Nov.6, 2011

David ten Have, CEO of Ponoko, a 3D printing service company based in New-Zeeland, said that 3D printed circuit boards is very close, actually it will be around here in 18 to 24 months.

This is kind of soon, or too soon. I guess by high end 3D printers it is possible to have this done. Those 3D printers can use various materials to print, more variety than the common palstics, rubbers, and metals. So if we gather a couple of good circuit designers, and those 3D printers can do something amazing. However, Is there a patent problem? Can the speed of 3D printing fast enough, faster than current technology? Or cheaper? Cheaper than current prices?

To build real world circuit boards, ten Have explains, we need only two things. The first is file standardization. We need a common protocol that describes each design. Microsoft has made inroads here with its .NET Gadgeteer platform, but it’s far from standard. The second is a substrate material that works well with 3D printers. With these two things in place, he says, a 3D printer could select existing resistors, capacitors, and even microprocessors, and place them onto the substrate.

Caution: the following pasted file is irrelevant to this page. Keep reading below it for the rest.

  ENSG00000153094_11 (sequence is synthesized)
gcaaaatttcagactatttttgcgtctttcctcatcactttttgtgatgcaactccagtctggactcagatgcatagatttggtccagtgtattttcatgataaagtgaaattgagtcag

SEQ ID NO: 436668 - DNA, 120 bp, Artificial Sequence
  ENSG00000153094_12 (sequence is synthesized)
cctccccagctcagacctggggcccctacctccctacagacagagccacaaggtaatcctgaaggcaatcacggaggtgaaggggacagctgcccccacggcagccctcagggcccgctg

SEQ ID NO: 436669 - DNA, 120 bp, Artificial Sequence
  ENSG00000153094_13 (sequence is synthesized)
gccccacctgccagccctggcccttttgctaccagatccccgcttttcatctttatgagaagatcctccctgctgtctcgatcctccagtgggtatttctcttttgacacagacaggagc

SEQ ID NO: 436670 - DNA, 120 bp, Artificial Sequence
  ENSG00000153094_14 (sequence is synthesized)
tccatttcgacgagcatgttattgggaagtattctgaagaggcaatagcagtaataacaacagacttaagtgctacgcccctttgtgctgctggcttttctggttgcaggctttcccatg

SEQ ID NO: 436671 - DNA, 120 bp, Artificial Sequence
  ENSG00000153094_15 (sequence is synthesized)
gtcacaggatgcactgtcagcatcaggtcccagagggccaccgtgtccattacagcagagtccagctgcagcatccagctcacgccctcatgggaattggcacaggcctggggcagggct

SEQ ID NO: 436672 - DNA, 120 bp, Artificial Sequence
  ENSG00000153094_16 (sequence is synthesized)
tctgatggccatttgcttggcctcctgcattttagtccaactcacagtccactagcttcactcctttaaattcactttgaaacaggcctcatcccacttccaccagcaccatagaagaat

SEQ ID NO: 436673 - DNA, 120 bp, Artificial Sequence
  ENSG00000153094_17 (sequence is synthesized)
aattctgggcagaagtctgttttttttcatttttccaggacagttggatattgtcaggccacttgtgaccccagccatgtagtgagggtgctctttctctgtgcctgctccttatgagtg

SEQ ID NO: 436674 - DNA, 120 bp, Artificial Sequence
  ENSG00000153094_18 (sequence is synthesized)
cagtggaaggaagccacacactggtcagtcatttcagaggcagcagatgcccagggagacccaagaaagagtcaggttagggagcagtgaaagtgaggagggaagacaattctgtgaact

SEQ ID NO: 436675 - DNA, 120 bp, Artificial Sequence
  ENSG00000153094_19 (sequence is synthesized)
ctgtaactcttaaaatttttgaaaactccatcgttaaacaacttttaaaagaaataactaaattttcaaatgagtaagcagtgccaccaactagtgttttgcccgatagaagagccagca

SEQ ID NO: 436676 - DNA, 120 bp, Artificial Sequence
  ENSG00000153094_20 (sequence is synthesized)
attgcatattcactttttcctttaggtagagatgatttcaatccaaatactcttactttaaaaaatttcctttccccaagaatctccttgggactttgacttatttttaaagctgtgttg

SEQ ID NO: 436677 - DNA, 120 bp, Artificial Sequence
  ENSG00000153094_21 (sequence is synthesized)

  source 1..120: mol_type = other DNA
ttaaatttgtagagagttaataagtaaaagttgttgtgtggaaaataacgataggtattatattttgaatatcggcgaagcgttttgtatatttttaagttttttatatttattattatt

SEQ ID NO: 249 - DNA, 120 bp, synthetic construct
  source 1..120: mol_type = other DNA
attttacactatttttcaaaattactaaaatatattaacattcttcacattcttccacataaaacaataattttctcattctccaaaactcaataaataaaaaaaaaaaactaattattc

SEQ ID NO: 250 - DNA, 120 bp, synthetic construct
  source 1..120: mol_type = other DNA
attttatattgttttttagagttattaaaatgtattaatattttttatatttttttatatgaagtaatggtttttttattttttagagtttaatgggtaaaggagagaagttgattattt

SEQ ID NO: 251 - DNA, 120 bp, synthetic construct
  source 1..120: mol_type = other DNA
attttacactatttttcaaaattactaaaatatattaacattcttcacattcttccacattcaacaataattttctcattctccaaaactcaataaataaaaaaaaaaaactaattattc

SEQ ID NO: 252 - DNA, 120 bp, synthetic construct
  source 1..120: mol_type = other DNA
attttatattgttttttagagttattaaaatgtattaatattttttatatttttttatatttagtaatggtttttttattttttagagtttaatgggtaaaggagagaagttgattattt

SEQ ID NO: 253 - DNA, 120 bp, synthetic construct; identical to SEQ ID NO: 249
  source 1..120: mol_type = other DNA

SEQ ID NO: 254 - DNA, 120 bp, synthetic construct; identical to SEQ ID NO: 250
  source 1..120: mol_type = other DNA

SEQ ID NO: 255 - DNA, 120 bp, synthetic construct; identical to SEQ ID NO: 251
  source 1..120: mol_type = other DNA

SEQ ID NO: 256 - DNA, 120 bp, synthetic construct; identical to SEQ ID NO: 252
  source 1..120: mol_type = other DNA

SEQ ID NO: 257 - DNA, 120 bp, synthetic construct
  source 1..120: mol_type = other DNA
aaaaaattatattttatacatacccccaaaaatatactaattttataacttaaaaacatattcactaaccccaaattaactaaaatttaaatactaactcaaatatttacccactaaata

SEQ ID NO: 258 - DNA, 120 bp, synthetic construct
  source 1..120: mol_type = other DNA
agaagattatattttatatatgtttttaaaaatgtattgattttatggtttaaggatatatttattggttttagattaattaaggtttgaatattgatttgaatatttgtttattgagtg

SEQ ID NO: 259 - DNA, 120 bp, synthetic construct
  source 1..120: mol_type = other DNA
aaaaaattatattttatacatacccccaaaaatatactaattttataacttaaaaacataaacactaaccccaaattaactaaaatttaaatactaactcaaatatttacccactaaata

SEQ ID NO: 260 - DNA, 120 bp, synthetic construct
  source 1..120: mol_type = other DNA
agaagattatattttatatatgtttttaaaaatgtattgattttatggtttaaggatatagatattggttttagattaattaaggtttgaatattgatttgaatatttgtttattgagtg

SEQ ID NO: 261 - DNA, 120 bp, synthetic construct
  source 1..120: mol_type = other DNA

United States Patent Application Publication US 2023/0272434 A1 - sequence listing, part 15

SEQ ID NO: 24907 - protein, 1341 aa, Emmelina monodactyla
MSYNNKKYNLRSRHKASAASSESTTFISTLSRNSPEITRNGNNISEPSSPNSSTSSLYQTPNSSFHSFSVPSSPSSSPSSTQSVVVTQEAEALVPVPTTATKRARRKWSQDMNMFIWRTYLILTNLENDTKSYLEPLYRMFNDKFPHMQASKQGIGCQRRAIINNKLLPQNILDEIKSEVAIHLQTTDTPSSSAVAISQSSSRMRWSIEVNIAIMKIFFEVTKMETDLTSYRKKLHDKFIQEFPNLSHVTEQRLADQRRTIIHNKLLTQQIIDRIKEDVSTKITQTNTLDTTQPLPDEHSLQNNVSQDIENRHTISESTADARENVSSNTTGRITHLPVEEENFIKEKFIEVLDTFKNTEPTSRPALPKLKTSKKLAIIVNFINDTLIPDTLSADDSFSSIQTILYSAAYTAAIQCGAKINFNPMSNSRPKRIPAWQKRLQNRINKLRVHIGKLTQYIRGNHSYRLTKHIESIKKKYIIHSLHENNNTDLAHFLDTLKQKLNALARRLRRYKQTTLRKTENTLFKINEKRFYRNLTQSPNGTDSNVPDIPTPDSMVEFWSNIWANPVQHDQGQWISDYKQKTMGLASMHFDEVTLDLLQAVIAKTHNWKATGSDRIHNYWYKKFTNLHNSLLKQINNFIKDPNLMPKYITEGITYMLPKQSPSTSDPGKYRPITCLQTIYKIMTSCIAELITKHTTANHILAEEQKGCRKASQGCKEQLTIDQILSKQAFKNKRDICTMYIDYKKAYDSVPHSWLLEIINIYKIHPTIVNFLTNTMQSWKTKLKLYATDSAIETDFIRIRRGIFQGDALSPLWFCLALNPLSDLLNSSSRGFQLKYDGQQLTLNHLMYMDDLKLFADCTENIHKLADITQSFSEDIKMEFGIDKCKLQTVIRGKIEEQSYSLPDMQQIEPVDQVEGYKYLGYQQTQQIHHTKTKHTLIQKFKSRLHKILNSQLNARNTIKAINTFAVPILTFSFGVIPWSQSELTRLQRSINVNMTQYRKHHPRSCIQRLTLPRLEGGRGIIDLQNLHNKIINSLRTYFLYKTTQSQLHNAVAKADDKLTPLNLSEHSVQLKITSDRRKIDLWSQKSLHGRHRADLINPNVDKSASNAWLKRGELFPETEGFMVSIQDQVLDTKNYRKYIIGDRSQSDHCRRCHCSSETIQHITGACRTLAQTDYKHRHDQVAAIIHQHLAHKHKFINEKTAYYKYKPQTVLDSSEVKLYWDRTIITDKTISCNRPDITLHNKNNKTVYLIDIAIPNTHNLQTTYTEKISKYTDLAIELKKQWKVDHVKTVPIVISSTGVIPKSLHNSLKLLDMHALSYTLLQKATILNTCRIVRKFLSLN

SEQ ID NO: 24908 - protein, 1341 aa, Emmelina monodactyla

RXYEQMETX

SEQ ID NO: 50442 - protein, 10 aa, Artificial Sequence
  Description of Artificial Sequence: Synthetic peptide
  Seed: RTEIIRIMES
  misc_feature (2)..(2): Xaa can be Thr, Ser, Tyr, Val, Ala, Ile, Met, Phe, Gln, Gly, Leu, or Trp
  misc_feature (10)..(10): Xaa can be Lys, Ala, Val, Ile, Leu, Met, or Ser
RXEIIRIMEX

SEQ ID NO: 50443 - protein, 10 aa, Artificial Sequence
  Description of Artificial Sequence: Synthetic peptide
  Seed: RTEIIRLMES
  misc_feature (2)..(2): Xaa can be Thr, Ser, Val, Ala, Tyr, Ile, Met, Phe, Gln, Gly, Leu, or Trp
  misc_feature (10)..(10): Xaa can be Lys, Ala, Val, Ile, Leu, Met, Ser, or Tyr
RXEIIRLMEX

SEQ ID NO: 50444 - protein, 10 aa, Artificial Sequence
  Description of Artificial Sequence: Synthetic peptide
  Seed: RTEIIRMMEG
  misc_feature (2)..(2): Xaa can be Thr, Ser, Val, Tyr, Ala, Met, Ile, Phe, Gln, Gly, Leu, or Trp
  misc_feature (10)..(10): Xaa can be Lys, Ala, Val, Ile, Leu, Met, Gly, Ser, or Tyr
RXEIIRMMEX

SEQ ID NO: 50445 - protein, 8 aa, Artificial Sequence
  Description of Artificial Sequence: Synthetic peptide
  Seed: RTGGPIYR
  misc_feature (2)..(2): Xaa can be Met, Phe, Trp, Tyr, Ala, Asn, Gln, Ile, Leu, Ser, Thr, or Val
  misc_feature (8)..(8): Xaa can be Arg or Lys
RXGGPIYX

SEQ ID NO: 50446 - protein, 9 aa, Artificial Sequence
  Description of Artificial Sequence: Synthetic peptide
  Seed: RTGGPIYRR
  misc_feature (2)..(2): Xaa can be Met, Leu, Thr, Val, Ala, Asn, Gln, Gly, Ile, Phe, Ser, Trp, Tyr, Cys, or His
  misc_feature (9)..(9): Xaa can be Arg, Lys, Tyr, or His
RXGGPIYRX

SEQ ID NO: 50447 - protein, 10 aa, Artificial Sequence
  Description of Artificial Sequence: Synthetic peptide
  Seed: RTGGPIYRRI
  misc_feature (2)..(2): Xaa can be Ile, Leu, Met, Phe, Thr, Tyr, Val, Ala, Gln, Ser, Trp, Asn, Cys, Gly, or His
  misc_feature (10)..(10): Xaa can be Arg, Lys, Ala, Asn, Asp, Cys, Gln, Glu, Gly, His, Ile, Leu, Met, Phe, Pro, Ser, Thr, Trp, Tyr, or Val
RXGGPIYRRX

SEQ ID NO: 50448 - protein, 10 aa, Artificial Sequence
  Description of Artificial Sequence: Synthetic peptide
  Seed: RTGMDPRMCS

I am curious about this claim and would like to get the updates about the tests. I love 3D printing, so many applications and possibilities are changing our world. But on the other side I am worrying how fast this can be, how many industries can be influenced and how many people is going to lose their jobs. Can we all be ready when it comes?

Ponoko currently works with Autodesk as partners. Autodesk just announced that they would release two new software, Autodesk 123D Catch and 123D Make next week that makes 3D model design accessible to everyday consumers. This is a real push to the development of 3D printing technology.

According to Autodesk CEO Carl Bass, the technology will reinvent more than just maintenance and supply chain practices. It will reinvent work-place collaboration. Nike, Bass said, could use 3D printing technology to send prototypes of new sneakers between offices. The west coast team could print the new design sent over the wires from the east coast team, mark up their changes, and then send back a modified file, complete with design feedback — all in an afternoon.


Posted in 3D Print Applications

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